There is no other single conference where so much information is presented about myeloma. Information about so many topics is provided: how to treat MM patients in various stages; results of phase II & III trials which may indicate upcoming FDA approvals; treatment considerations of MGUS (monoclonal gammopathy of undetermined significance) and smoldering multiple myeloma (SMM) patients; pre-clinical research focusing on myeloma targets and cell understanding; and more.
This year the 64th American Society of Hematology (ASH) meeting will be a “hybrid” meeting (a combination of in-person in New Orleans and virtual via zoom). I’ll be attending virtually which means that some of my meetings will start at 5 a.m. California time (7 a.m. in New Orleans). I’m so grateful to the International Myeloma Foundation (IMF) and their sponsors for registering me to attend, and I look forward to blogging about each day’s highlights. Finally, I’ll create a multi-page summary of the most interesting takeaways from my perspective and share this with my support group, post it on our support group website, and distribute to anyone else who requests it.
As background, I attended my first ASH meeting 17 years ago and found it a bit like being diagnosed with myeloma 28 years ago. The terminology and amount of information was overwhelming, not surprising though, since the audience consists of over 30,000 researchers and oncologists who were learning the latest updates for all blood cancers, including myeloma. I’ve learned to prepare a few weeks ahead of time, and I have already reviewed many of the myeloma abstracts and created my personal agenda of talks I want to view. These presentations will typically be oral abstracts of clinical trial results, symposiums (case studies and various treatment considerations), and educational programs rather than biological lab studies. Meetings I attend have more immediate value to patients undergoing treatment or to the newly diagnosed. By the way, you can also check out the abstracts (a summary of the planned presentations) by visiting www.hematology.org, although numerical details and conclusions of these abstracts are often updated during the actual presentations.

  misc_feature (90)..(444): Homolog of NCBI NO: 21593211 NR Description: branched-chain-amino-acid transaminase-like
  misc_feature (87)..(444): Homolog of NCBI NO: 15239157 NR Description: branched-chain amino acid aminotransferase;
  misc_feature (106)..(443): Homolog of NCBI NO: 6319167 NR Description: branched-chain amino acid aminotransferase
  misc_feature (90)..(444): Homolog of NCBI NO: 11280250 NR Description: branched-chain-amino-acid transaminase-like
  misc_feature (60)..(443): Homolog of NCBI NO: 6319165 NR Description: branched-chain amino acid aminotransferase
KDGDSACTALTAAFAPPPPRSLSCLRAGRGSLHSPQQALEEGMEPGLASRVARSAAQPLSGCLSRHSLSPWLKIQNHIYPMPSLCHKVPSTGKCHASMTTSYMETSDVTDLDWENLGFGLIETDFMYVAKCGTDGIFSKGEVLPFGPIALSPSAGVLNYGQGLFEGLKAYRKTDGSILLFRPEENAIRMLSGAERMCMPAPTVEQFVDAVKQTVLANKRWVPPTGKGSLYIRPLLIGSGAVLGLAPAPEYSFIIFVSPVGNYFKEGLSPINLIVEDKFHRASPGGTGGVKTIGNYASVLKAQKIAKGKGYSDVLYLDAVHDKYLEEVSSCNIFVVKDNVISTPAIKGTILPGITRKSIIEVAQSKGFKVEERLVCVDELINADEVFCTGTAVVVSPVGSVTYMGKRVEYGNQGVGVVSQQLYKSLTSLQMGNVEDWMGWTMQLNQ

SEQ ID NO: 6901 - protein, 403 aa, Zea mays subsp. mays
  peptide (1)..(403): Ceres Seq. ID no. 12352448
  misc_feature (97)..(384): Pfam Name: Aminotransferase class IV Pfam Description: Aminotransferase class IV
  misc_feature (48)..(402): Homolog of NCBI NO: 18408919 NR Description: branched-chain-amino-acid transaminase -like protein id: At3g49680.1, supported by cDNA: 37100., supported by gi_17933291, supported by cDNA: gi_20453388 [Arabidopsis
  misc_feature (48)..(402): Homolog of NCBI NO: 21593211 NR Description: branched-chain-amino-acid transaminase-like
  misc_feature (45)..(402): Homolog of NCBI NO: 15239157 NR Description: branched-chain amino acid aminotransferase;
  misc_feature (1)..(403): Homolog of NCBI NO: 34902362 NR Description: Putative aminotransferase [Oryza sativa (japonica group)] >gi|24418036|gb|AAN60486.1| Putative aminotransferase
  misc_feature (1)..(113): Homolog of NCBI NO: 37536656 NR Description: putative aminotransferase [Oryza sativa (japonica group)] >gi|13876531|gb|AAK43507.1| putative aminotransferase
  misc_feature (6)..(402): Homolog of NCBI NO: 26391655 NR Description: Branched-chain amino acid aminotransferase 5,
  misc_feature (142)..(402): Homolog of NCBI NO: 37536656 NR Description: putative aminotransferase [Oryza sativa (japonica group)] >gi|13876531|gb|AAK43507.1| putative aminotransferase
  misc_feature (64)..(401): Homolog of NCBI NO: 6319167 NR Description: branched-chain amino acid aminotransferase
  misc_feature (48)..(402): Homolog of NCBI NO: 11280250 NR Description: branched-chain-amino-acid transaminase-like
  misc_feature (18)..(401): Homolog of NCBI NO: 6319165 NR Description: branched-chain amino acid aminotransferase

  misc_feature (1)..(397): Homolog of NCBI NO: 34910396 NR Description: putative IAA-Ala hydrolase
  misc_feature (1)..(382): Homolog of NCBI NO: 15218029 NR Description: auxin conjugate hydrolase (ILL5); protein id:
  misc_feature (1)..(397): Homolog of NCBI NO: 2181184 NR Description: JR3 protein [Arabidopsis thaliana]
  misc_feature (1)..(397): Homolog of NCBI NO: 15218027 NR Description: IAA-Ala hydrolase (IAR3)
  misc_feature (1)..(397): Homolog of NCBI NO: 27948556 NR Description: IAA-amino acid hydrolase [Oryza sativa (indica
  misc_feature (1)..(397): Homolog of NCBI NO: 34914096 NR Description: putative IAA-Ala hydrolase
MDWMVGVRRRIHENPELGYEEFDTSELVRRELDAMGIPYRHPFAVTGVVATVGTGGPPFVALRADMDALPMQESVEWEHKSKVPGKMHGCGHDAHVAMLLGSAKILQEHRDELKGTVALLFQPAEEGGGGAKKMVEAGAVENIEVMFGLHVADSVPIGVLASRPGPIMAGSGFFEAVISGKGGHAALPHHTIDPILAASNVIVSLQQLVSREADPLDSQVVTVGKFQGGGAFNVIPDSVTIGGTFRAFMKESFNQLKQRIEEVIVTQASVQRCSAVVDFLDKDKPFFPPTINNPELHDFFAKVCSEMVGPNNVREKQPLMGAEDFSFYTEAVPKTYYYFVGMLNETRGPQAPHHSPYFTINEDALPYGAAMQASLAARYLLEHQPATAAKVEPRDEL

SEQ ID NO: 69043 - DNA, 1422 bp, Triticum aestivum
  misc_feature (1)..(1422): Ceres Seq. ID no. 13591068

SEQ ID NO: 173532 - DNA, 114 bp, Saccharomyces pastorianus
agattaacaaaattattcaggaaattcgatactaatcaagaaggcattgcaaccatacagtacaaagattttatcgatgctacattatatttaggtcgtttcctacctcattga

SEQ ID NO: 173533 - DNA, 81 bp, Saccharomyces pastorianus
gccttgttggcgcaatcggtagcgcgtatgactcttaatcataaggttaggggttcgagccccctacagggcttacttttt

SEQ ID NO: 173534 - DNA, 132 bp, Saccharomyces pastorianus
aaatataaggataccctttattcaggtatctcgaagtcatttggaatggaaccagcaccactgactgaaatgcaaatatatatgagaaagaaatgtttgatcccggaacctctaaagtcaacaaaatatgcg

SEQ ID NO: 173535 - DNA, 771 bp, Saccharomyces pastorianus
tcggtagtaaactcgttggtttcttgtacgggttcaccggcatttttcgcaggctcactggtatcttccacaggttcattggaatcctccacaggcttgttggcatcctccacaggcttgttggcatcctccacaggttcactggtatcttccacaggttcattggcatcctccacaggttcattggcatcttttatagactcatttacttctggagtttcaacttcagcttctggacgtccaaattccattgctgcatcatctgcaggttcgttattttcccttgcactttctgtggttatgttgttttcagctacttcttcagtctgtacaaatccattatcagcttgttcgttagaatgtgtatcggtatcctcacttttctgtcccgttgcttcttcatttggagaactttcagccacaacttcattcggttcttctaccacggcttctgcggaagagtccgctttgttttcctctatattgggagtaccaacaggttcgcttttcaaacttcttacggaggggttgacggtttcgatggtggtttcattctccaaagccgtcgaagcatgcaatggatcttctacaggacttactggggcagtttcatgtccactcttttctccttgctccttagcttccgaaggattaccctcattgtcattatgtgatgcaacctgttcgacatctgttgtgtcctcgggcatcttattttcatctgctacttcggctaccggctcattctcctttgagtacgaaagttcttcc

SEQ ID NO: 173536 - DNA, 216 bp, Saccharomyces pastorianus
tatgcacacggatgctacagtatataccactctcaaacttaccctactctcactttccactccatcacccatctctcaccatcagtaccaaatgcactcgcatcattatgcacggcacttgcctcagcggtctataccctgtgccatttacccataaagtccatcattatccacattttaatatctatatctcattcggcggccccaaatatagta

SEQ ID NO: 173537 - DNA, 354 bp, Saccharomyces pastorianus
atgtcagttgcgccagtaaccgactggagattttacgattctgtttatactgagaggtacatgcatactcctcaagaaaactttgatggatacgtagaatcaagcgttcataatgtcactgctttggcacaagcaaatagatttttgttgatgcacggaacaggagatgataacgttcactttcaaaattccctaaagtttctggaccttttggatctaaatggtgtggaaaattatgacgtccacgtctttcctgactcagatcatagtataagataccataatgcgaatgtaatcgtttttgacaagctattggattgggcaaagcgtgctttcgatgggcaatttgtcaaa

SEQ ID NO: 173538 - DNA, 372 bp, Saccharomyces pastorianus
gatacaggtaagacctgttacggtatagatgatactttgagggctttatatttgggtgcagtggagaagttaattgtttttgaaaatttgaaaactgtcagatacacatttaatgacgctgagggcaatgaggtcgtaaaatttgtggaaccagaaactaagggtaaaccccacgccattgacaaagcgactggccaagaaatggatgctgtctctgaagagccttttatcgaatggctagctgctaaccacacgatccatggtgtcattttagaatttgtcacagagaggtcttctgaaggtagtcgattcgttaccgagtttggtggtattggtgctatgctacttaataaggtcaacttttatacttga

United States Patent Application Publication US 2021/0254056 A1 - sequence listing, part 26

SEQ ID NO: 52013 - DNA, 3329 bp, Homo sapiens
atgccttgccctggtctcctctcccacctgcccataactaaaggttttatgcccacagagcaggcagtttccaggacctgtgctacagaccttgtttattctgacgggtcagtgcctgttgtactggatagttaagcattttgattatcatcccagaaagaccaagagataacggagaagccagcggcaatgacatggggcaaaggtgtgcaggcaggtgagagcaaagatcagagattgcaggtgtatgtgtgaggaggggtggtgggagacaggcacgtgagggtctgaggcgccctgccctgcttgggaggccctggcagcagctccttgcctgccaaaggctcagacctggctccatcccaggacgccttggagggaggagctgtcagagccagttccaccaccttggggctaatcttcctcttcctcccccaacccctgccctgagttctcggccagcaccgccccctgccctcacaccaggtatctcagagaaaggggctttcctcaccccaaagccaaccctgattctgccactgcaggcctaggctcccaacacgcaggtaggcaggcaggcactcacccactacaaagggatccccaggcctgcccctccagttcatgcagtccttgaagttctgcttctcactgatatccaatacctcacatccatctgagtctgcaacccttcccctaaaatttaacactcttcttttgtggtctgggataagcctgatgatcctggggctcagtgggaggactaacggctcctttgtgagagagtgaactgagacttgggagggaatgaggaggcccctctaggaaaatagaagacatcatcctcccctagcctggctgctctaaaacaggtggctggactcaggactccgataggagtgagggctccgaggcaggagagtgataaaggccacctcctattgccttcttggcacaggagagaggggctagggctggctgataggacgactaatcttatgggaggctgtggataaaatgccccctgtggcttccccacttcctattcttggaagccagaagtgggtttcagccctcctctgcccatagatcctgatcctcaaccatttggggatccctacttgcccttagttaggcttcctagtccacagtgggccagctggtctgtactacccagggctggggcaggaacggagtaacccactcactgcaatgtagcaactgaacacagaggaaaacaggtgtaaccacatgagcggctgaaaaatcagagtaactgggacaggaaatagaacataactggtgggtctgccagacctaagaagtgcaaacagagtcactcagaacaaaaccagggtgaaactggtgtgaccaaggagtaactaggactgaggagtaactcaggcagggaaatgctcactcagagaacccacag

If you’ve been following new multiple myeloma (MM) treatments the last few years, they’ve been mostly focused on immunotherapies (treatments which help your own immune system to fight myeloma), and this year’s ASH will have even more about mAbs (monoclonal antibodies), ADCs (antibody drug conjugates), bispecific antibodies, and CAR-T therapies. We currently have 2xCAR-T’s and 1xbispecific FDA-approved treatments in the U.S., but they are for patients with four or more previous lines of therapy (LOT). I’m expecting to hear updated trial results for bispecifics and CAR-Ts used in earlier LOT’s as well as new immunotherapies. Other areas of interest include CelMods, treating earlier stages of MM, other possible treatments with different mechanisms of action, and results of diversity studies.
I’ll be blogging every night during the Dec 9-12 ASH meeting, providing my takeaway highlights presented earlier that day. Along with several other patients/support group leaders the IMF brings to ASH, I look forward to sharing our experiences together via blogging and tweeting. We hope to keep you well informed from our individual patient perspectives. Of course, you’ll have other vehicles to learn about ASH in the weeks that follow, including webinars, telephone conferences, seminars, and more. Maybe your own oncologist will be at ASH. Take advantage of these resources and become your own best patient advocate.
— Jack Aiello, on Twitter @JackMAiello